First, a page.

In pregnant women, demonstration of IgM rubella antibodies indicates recent infection. Demonstration of 1:8 or greater titer of IgG antibody in serum indicates immunity and consequent protection of the fetus. Demonstration of rubella virus in amniotic fluid collected by amniocentesis indicates a definite rubella infection in the fetus. The presence of IgM antibodies in the serum of the infant indicates recent infection because IgM does not cross the placenta from the mother as does IgG. Confirmation of diagnosis of congenital rubella syndrome in an infant after 1 year with serology alone is very difficult.
There is no antiviral therapy.
Preventive measures include vaccination and administration of immunoglobulins.
Prevention of rubella is best carried out by immunization with live attenuated vaccine. The main objective of rubella vaccina-tion program is to prevent congenital infection by decreasing the number of susceptible people, especially children. Vaccination causes a significant reduction of the likelihood of exposure of the pregnant women to the virus.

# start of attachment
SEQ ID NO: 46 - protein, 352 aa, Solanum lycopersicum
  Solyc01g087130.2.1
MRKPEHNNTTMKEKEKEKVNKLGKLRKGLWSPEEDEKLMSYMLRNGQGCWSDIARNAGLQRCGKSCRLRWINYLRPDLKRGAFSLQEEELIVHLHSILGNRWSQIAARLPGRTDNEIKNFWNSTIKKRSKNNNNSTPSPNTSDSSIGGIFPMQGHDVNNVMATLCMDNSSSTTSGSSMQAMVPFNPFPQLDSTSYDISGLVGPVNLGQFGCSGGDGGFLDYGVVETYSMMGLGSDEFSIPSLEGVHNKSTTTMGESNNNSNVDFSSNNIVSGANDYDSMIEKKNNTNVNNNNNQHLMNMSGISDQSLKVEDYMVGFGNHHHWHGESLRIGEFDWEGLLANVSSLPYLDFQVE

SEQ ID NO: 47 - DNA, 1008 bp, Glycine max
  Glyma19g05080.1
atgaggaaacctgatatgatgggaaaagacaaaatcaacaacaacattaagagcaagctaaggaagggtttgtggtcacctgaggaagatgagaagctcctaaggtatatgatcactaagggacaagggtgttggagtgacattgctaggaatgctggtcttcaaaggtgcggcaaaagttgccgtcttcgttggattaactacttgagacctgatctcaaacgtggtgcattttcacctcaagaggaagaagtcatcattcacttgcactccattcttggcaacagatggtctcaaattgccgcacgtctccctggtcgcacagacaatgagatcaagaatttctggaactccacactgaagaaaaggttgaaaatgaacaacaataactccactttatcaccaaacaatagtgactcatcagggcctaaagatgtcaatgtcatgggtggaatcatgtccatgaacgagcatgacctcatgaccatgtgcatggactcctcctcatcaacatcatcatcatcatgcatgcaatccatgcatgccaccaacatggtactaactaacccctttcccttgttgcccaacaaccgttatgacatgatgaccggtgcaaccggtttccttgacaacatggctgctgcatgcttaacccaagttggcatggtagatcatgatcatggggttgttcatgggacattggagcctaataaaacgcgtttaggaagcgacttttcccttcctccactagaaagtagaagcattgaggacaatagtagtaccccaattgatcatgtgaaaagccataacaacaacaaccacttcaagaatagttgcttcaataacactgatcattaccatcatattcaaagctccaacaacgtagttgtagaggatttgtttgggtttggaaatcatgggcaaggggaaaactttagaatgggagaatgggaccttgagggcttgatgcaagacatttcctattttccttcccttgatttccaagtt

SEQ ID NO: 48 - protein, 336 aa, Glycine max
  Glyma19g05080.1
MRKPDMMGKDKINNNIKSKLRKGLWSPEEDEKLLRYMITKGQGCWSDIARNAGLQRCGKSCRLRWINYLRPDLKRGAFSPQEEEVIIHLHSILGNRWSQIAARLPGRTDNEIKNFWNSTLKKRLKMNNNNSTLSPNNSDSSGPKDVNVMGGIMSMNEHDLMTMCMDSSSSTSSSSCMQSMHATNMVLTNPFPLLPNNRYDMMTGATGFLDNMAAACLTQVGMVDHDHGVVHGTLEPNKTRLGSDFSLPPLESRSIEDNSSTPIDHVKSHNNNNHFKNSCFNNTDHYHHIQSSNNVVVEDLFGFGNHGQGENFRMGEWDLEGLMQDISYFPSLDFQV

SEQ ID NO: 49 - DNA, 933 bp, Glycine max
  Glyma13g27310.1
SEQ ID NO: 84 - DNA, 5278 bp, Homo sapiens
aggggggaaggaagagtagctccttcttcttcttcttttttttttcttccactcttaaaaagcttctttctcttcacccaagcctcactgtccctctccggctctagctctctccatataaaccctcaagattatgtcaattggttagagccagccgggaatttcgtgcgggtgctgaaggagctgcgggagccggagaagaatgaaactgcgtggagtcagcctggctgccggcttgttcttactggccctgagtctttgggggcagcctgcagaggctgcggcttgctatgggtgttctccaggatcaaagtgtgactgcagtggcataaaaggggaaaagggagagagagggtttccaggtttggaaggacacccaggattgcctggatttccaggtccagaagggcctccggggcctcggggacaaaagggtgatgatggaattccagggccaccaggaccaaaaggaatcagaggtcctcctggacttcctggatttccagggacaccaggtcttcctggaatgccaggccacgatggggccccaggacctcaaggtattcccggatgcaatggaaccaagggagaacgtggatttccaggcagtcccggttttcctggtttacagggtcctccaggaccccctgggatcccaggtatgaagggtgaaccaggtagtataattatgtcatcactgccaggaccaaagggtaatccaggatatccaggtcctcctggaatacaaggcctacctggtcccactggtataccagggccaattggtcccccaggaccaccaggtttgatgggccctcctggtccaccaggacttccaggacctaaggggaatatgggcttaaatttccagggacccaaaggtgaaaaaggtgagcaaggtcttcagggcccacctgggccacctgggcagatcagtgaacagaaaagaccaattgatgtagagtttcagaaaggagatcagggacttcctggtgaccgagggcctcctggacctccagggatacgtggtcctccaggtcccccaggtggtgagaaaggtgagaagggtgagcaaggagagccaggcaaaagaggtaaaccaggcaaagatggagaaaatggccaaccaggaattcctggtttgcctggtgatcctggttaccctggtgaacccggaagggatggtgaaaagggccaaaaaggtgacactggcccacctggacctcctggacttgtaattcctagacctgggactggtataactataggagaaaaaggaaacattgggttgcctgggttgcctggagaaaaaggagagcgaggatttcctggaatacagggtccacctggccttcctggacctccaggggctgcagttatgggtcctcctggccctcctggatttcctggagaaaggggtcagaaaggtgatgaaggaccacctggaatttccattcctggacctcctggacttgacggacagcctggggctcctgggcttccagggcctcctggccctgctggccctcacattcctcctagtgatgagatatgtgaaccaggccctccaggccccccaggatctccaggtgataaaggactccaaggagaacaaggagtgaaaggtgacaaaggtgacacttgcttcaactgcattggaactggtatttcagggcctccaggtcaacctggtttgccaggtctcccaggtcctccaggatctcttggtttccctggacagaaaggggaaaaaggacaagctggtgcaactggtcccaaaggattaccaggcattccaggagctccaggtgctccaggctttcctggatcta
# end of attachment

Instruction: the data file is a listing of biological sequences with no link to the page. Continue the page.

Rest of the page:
Immunoglobulins can be given to pregnant women in the first trimester of pregnancy who have been exposed to a known case of rubella and for whom termination of pregnancy is not an option. Nevertheless, cases of congenital rubella syndrome have occurred in infants born to mothers who received immu-noglobulins shortly after exposure. No adequate treatment is available for pregnant women exposed to rubella.